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Front Garden Design

The whole front garden was just shingle onto of old brick and concrete. The worse the garden the better for me as the transformation is that much more delightful.

My clients wanted a front garden design that would compliment and enhance the front of their newly renovated house. They still wanted an area to drive into the property to park and they wanted the bed to be very low maintenance.

I separated the drive area from the garden with a mixed evergreen hedge and a bespoke black metal arch to match the curve of the arch over the doorway and the metal trim pattern on the house.

A Cretian water pot bubbles away as they have their breakfast in the sunny morning space to the left of the front of the house.

Using shingle, 20mm white york, allows them to access the plants effortlessly, keep the weeds down to a bare minimum and allow a feeling of space and light in the front. 

I choose Cercis, Japanese Acer and Amelanchier lemarkii for the feature trees as they will hold their shape and not create any dense shade.

We used Euonymous Green Rocket to line the front path to avoid disease prone Buxus. Plus it has a dynamic upward growth habit which definitely adds to the front.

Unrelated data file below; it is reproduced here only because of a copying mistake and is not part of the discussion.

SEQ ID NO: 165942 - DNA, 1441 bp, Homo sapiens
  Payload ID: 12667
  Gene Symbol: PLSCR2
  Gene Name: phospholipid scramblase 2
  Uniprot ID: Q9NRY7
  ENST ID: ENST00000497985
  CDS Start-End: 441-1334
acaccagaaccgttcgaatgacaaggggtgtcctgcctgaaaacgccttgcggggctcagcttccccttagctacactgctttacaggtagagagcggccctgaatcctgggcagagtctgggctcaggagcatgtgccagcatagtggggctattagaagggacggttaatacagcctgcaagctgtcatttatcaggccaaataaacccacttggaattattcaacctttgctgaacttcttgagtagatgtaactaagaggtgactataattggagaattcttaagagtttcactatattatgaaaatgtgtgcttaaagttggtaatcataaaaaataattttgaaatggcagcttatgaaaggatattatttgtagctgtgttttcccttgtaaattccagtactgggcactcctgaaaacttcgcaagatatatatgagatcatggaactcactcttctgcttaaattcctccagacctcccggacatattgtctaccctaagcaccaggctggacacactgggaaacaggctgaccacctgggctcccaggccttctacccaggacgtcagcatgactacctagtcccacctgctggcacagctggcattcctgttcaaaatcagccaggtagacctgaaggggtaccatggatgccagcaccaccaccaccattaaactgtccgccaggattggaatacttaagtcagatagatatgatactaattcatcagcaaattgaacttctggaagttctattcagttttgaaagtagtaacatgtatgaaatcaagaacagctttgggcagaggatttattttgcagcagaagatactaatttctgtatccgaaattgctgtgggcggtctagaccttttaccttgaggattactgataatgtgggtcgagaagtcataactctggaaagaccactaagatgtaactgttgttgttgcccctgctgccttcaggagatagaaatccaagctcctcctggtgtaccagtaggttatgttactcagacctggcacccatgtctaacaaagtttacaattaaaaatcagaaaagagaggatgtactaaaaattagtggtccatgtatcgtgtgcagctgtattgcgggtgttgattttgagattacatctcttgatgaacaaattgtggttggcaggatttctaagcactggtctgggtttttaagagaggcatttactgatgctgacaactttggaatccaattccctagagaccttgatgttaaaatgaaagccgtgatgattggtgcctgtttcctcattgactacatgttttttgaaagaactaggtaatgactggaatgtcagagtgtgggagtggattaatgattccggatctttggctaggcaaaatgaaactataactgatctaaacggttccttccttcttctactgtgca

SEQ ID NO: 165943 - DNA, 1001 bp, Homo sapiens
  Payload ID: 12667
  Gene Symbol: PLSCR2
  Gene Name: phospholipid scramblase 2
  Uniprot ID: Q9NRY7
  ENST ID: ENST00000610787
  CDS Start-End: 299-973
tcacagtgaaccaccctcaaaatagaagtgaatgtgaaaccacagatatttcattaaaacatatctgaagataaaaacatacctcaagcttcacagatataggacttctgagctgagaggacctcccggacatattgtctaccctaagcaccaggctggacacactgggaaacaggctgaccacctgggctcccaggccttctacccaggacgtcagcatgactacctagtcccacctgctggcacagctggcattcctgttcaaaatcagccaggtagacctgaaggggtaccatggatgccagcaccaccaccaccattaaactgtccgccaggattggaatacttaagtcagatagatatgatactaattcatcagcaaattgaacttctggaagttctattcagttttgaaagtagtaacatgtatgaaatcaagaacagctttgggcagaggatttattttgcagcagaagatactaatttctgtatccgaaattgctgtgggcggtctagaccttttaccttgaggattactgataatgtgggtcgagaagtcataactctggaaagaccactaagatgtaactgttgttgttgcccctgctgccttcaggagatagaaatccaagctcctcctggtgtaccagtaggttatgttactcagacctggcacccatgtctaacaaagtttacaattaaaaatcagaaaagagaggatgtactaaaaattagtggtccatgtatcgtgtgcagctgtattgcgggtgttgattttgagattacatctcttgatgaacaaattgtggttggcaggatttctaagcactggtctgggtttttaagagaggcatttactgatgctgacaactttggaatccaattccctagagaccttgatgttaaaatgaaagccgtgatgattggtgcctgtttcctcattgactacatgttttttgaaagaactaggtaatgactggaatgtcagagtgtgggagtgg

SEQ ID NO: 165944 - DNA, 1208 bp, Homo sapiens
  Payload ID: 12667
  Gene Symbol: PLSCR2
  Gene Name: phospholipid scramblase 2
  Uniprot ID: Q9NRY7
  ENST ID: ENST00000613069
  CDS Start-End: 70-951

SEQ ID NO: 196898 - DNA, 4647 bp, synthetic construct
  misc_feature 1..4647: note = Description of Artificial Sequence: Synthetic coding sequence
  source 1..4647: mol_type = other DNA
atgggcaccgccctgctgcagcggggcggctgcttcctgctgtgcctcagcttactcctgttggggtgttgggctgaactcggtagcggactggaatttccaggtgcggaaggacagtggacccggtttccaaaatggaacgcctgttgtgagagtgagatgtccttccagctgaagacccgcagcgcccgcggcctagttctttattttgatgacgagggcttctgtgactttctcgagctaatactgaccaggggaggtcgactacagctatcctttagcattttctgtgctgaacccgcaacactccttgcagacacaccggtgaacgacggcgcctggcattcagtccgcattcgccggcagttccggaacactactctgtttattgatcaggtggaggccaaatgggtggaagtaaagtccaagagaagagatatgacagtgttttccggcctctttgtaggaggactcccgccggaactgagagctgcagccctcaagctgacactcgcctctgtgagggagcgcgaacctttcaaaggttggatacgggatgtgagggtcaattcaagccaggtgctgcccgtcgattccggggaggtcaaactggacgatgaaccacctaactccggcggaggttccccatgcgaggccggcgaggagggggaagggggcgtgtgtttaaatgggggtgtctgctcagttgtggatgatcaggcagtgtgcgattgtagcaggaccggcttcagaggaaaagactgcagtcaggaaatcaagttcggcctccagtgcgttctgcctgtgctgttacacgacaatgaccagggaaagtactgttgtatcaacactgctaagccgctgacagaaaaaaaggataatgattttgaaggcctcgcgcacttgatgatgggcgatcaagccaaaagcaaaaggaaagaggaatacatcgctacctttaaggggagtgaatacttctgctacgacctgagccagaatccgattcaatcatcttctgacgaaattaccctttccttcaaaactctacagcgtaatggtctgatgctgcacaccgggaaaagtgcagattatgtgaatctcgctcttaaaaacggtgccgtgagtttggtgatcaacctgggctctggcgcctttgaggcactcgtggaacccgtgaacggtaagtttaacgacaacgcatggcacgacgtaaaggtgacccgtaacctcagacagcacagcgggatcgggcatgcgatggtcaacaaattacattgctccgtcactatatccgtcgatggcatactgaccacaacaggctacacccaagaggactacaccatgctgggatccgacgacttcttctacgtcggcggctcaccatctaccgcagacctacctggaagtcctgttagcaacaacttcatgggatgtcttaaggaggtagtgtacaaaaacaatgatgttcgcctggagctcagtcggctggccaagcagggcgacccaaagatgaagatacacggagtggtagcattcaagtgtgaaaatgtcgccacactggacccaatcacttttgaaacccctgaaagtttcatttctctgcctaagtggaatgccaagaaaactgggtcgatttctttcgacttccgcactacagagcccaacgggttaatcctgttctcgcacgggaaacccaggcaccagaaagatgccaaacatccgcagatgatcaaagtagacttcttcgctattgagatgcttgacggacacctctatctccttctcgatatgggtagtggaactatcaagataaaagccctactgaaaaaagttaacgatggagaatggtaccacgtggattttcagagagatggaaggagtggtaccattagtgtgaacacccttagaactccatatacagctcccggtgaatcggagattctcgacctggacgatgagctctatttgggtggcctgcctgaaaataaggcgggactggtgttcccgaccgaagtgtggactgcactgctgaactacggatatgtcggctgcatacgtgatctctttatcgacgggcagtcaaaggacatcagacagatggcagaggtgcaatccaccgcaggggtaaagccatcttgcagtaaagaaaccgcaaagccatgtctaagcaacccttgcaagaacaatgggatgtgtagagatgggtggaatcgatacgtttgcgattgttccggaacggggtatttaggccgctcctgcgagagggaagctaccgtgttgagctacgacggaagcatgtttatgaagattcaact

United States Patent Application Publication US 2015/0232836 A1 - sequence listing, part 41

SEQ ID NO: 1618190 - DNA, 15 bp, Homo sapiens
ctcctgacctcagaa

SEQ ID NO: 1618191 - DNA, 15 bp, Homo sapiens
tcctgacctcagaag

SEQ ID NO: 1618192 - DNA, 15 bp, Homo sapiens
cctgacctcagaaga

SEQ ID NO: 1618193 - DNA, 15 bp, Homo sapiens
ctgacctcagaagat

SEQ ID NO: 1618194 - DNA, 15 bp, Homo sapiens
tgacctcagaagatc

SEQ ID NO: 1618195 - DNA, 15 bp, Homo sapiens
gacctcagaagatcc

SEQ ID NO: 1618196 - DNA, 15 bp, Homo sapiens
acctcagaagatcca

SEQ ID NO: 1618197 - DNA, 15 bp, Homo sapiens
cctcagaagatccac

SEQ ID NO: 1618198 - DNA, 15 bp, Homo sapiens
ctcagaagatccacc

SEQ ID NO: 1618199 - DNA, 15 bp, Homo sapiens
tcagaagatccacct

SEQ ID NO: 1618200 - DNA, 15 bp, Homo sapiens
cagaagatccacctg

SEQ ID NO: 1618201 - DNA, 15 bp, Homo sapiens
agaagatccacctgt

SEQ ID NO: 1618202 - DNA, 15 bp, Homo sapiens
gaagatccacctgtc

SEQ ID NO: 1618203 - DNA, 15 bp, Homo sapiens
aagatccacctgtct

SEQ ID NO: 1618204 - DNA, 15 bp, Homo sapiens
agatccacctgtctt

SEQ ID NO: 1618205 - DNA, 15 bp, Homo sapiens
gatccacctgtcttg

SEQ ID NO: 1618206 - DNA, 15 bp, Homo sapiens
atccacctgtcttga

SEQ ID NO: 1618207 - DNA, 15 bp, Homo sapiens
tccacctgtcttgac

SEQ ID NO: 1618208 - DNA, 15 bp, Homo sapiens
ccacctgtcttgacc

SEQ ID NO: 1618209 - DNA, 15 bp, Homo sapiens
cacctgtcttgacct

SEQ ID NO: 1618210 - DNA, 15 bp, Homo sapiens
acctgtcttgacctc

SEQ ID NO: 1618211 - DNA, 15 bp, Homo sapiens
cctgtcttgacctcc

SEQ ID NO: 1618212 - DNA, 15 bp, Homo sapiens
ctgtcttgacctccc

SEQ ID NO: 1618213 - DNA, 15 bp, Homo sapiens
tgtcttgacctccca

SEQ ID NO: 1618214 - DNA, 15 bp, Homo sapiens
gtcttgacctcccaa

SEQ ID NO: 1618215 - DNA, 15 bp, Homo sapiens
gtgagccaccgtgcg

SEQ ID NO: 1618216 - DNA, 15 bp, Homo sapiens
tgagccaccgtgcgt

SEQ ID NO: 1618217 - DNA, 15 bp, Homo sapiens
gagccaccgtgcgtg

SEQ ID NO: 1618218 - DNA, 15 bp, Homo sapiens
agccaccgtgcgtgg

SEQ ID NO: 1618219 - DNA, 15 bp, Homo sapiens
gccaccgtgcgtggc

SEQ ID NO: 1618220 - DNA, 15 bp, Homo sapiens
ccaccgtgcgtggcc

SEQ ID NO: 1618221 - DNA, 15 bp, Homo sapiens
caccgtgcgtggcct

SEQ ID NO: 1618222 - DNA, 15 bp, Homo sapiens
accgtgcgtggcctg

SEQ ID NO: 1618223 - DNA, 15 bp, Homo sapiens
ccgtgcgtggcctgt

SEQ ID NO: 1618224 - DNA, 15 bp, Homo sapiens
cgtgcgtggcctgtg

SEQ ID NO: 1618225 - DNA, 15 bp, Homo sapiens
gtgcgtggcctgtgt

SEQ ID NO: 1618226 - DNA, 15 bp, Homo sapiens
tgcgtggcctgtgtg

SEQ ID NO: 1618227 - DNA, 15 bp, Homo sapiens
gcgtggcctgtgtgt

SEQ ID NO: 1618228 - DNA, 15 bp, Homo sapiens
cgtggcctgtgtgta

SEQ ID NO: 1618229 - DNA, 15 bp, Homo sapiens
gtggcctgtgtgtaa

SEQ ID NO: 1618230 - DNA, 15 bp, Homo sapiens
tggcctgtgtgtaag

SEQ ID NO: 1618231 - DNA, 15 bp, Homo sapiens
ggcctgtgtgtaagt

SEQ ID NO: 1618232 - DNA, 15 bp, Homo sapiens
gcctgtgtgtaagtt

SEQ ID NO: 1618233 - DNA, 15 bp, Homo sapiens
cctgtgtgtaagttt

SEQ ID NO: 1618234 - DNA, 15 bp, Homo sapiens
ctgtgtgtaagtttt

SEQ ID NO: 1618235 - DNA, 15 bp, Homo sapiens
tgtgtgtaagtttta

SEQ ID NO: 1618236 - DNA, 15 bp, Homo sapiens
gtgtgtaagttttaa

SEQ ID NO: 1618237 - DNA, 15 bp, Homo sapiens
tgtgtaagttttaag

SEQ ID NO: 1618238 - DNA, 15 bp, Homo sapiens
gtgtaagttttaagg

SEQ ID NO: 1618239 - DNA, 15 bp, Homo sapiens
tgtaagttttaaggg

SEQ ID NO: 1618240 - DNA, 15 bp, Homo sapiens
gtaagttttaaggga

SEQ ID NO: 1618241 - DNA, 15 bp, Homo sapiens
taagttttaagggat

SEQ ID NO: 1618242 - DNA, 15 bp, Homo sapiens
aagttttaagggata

Draft plan.
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Cloud Pruned Olive Trees and phosphorescent Tulips

We completely cleared this small Brighton courtyard, laid grey Indian sandstone and brought in three cloud pruned Olive trees. (It was a miracle we got them through the house.)

On the steps we used a bespoke ornamental tile and the Olives are underplanted with Allium Purple Sensations, Libertia peregrinas, Geranium White-ness, Verbena bonsariensis and Gaura. This underplanting will take over from the Alliums to provide lasting summer and Winter interest.


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Irish Yew columns

This side passage was just earth and an old fence three months ago. We brought in 5 mature Irish Yews and made a mixed pittisporum hedge along the fence behind them. The stakes will be removed in a year or so, once the roots of the yews have become established.b2ap3_thumbnail_2014-07-09-22.14.11.jpg

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Prunus Serrula or Tibetan Cherry

We put in this Prunus Serrula or Tibetan Cherry, recently. It was already 5 meters tall when we received it from the nursery and will grow the same again. It is famous for its beautiful satin scarlet bark. In the background is Carex 'Ice Dance' and Blue Oat Grass (Helictotrichon sempervirens) under the eucalyptus.

Prunus Serrula or Tibetan Cherry

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